Sure enough, Saltburn is the most insanely grandiose estate you’ve ever seen (shot at the 18th-century estate Shotover Park). Somewhere between a “hideous Rubens” painting, a lake, and the morbidly watchful staff linger Elspeth and Sir James, Felix’s outrageously jaded parents, played to perfection by Pike and Grant. While Grant’s Sir James anxiously hovers around the estate like a specter on antipsychotics, Pike, an unsung comedic genius, is responsible for several of the funniest lines and deliveries in recent years. When Oliver tries to explain to Elspeth that he comes from a small town near Liverpool, she blankly muses, “Where’s Liverpool?”. “Um, up north,” offers Sir James cautiously in a most hilarious illustration of the wealthy family’s disjointedness with the real world, i.e., the working classes.
As Oliver endears himself to the Catton family, with Felix’ “sexually incontinent” sister, Venetia (a great Alison Oliver), and resentful cousin Farleigh (Archie Madekwe, also in a fine turn) are at the heart of the intrigue, and things quickly go from farcical to downright nasty. The final act is a tongue-in-cheek escalation of several catastrophes that are curiously bookended by genuinely uproarious humor (“We don’t need your American feelings!”) and a pensive, introspective denouement in which some things in this story come together. What we leave with is either guilt over all that we covet or visceral elation. Likely both.
In the hands of a less skilled creative team, Saltburn could have become a lame The Talented Mr. Ripley rip-off or a vapid pastiche of pretty images and quirky one-liners. Instead, thanks to Fennell’s assured direction and the cast’s spectacular layering of emotions, both felt and performative, the result effectively depicts the desire for material wealth and the acute objectification of status. Spearheaded by Keoghan’s impenetrable modalities of affection, Saltburn is a venomous distillation of the material consequences of capitalist consumerism dragged through the dirt of British aristocratic traditions. Reducing the historicities of the class divide to deliberately banal punchlines, Fennell offers a thoroughly material, often erotic, bodily obsession with things and appearances, manifesting in every breath and move the many odd characters make.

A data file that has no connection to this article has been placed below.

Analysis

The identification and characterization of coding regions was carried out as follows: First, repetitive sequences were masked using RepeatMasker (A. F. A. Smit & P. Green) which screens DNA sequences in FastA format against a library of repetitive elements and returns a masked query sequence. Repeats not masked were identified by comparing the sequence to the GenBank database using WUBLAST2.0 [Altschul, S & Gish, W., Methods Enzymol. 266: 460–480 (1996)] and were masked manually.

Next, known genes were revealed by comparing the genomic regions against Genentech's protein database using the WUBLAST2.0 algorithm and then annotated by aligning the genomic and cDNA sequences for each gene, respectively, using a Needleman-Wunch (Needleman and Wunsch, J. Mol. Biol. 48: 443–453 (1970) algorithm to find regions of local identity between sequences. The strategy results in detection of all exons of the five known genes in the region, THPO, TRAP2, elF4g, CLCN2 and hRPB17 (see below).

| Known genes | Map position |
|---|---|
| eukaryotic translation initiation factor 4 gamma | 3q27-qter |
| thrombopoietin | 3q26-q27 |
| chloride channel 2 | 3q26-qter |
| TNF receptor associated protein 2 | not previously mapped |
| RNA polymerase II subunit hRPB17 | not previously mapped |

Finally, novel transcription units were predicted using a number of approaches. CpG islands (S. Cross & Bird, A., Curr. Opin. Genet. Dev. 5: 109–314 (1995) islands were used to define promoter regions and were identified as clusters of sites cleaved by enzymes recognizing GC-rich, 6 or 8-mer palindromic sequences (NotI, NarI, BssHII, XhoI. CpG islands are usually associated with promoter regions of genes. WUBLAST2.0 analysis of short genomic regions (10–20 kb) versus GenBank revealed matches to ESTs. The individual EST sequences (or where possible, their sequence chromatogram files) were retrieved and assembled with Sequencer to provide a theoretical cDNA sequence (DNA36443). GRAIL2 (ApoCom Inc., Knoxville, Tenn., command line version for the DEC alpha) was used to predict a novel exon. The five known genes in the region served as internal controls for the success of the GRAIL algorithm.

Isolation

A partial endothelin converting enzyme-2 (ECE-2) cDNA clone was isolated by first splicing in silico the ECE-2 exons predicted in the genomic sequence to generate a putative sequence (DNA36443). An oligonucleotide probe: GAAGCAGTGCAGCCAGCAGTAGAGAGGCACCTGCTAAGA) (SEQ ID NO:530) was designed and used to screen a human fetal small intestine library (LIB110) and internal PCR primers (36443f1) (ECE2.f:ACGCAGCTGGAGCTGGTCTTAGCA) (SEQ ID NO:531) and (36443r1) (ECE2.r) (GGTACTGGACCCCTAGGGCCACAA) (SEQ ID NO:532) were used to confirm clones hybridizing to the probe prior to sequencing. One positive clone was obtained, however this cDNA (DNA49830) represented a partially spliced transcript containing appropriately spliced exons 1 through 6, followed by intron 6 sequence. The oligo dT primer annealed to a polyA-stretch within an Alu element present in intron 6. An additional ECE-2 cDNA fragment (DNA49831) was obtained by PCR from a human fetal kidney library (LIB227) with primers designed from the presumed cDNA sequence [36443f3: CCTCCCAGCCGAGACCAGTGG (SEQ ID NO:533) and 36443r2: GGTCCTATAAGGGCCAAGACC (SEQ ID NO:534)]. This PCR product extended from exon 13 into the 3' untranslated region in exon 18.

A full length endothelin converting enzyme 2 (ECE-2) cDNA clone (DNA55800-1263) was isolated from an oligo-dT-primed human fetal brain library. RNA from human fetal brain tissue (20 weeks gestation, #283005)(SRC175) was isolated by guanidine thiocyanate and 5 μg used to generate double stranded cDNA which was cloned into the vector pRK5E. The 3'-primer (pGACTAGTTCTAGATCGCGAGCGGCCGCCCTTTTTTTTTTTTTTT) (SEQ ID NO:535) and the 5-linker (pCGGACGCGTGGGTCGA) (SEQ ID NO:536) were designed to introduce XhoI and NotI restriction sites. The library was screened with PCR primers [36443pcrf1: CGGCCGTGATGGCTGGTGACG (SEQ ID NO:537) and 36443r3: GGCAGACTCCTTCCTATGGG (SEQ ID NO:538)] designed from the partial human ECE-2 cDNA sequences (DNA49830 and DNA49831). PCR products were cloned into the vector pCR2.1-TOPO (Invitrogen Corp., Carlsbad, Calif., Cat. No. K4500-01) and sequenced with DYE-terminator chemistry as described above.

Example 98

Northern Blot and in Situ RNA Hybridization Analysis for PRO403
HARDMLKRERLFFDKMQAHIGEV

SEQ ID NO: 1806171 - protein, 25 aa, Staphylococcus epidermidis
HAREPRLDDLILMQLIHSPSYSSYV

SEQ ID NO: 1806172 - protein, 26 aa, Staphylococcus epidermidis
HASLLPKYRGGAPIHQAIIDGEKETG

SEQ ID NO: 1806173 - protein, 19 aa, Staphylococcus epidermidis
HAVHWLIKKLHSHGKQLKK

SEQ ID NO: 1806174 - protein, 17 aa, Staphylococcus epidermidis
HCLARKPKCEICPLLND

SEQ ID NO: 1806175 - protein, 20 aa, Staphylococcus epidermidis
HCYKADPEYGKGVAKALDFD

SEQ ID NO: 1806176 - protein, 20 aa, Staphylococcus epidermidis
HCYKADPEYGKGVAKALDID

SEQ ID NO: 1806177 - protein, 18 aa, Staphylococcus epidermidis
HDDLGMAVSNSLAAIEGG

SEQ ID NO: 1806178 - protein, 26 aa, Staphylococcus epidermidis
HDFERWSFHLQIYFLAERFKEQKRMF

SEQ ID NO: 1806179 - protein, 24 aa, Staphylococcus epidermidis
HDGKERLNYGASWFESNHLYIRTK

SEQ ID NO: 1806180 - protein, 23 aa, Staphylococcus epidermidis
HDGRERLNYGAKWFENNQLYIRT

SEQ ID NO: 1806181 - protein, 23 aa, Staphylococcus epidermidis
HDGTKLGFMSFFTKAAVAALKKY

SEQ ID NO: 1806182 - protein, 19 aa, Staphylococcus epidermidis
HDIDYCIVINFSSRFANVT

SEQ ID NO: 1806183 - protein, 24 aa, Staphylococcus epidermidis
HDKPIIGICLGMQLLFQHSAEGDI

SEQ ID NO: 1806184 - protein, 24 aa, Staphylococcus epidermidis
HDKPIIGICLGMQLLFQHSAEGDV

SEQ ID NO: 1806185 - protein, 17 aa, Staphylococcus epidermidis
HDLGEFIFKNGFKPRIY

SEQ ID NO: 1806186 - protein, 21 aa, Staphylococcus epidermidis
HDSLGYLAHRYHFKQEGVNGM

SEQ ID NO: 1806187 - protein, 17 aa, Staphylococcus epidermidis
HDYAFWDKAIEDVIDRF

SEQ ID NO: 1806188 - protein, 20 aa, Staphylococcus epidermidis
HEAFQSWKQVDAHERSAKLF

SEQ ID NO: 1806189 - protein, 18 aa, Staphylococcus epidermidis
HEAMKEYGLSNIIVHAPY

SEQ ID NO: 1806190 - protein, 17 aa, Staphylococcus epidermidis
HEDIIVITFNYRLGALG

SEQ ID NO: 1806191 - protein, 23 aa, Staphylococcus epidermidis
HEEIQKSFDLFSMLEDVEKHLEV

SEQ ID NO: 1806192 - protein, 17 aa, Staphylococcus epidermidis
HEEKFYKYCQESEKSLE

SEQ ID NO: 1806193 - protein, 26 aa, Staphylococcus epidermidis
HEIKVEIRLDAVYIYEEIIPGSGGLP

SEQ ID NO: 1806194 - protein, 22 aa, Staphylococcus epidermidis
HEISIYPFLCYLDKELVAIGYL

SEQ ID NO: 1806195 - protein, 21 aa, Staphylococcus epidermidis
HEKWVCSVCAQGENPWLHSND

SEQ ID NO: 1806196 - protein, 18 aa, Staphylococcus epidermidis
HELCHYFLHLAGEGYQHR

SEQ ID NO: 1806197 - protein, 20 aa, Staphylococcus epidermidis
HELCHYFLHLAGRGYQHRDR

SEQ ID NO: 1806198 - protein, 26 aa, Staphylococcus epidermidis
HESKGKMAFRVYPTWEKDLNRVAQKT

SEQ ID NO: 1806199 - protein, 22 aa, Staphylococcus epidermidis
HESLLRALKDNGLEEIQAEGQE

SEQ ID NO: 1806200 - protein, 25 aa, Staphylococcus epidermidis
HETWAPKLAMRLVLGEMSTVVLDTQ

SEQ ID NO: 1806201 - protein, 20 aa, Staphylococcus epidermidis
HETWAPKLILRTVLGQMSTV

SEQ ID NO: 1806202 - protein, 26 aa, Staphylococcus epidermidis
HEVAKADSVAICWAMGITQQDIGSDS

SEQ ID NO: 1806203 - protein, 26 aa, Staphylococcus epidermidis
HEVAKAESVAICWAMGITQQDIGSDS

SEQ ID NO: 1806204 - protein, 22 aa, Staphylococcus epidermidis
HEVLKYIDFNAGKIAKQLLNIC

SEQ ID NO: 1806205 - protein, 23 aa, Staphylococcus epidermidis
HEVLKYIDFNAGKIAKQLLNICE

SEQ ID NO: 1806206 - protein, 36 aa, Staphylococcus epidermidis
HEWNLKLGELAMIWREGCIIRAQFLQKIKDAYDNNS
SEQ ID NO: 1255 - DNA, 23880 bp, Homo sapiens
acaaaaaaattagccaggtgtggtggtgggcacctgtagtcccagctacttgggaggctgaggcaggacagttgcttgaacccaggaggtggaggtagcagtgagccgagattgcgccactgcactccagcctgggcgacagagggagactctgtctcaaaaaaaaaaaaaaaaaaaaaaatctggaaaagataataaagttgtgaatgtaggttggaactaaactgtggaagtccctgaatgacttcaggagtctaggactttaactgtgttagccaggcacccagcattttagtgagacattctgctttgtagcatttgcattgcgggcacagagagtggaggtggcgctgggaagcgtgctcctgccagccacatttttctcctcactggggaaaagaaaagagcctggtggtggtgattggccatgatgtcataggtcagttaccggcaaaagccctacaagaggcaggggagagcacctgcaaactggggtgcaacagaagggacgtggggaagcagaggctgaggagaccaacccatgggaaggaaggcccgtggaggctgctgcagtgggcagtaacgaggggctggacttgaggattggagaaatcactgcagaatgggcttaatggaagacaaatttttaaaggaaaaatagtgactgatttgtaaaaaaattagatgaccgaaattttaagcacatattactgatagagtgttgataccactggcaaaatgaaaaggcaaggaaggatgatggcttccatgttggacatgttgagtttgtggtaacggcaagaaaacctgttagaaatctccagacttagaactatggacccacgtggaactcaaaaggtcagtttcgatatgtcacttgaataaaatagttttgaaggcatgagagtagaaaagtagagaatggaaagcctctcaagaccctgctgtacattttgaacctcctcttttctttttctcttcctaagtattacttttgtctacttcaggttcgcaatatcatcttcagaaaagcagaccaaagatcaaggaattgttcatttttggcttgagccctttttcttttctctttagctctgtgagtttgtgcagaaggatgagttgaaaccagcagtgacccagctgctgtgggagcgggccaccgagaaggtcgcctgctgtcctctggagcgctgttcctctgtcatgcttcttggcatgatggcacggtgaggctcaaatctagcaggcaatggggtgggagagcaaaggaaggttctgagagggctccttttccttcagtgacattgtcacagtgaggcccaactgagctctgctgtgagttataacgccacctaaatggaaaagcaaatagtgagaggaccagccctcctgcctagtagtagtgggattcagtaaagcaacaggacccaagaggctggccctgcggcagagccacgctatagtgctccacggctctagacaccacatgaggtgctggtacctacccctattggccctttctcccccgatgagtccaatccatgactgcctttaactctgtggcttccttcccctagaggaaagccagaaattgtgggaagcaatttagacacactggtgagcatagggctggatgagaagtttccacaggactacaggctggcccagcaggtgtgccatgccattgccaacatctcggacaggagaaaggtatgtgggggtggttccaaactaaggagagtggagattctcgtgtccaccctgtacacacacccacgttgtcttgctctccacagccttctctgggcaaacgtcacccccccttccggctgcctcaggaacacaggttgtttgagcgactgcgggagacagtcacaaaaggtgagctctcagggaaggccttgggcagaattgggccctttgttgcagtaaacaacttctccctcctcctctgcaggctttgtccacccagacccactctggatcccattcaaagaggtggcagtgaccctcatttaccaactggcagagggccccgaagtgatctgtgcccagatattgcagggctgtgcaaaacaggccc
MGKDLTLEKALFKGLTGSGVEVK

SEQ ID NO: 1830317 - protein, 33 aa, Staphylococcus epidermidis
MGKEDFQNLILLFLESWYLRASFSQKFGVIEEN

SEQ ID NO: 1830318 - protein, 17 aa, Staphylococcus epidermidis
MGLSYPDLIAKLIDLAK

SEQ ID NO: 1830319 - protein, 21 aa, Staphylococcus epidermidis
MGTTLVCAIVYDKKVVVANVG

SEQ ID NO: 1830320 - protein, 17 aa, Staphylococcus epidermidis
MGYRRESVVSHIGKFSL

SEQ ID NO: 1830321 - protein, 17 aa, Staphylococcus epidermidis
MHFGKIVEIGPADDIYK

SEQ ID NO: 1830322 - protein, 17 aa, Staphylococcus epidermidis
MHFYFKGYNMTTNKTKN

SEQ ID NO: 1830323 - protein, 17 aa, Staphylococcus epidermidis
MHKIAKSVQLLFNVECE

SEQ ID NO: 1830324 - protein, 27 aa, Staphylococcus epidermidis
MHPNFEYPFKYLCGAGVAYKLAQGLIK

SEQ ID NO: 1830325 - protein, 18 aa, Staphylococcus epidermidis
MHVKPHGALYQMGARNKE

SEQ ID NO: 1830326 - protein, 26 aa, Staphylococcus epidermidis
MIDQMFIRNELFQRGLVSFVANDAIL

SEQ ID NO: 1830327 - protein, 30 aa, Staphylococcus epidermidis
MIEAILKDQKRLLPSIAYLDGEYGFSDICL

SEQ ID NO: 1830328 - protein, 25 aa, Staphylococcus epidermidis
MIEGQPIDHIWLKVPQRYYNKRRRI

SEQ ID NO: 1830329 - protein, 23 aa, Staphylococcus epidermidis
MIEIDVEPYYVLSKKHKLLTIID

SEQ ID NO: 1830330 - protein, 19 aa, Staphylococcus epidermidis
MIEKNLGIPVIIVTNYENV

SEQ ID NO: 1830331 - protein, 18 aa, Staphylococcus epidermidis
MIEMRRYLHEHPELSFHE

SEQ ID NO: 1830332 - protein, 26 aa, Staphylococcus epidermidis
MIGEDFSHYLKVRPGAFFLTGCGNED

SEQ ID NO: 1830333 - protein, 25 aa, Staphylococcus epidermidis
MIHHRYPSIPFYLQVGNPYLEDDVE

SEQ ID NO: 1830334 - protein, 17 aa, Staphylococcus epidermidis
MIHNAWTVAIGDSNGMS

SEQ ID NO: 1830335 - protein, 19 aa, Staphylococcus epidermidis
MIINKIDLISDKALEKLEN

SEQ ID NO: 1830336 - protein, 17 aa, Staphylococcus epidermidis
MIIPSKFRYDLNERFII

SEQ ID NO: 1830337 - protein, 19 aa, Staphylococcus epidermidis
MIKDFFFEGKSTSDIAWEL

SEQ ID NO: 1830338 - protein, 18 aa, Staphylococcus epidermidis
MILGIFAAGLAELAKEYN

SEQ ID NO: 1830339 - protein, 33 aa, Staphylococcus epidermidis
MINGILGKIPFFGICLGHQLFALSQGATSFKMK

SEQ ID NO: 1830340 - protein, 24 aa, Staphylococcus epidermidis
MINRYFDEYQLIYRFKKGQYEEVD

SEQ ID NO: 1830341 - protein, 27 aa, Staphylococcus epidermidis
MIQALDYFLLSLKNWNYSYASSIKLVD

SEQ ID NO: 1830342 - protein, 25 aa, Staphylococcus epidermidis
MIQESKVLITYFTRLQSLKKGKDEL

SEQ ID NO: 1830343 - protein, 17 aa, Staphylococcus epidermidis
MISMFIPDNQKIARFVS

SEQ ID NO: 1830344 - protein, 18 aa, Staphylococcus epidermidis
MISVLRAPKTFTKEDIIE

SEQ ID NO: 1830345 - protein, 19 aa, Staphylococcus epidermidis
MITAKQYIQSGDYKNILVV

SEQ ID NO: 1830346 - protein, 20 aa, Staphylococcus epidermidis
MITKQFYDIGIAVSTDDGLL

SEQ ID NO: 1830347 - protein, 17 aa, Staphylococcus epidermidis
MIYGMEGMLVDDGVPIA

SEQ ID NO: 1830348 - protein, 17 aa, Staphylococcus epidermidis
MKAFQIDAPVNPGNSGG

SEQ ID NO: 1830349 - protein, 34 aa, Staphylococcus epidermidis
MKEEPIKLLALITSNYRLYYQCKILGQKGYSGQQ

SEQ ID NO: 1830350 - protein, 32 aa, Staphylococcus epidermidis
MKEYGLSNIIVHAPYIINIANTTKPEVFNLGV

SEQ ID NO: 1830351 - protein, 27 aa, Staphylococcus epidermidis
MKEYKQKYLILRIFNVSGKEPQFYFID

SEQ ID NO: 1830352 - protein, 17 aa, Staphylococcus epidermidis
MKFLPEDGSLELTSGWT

The shockingly perverse scenes, especially, are a damn fine condensation of the erotic elation a bodily transgression against social etiquette can bring, a jouissance of sorts. Despite the humor, the box-office-friendly plot, and the millennial nostalgia in the form of a mid-noughts soundtrack (a massive shoutout to whoever thought of Ladytron) and dreadful Juicy couture sweatpants, Saltburn is essentially a political affair. It shows our Western civilization’s present tense as a perverse, anti-dialectical narrative in which any subl(im)ation of the master-slave dialectic fails miserably, as self-conscience is never achieved, perhaps not even attempted.
There’s much more to unpack here, but the analysis would necessitate a close reading of Saltburn‘s ending. What I can say is that Fennell’s brash political cynicism, in particular, hits the hardest, as she insists on a historical perpetuation of quasi-erotic fantasies of status and the impossibility of change, putting both up as an uncanny mirror to most of us in the audience.
If there are any criticisms to send Fennell’s way, they have to do with Saltburn‘s characters’ depth and their ideological motivations. While one could successfully argue that Pike and Grant are note-perfect precisely because idle aristocrats are, in fact, little more than caricatures of human beings, Keoghan’s Oliver and even Elordi’s Felix remain somewhat of a mystery up until the very end. None of this takes away from Saltburn‘s political core or the sheer enjoyability of the story, but those looking for a more psychologically substantial film might feel swindled by the surface flashiness.
Still, Saltburn looks and tastes better and more lavish than most sophomore efforts and firmly establishes Emerald Fennell as one of her generation’s most mischievously potent filmmakers. Whatever its potential perceived shortcomings, this is a smart film that sinks its teeth into you and doesn’t let up, leaving you elated and exhausted but wanting more, like a post-orgasmic haze.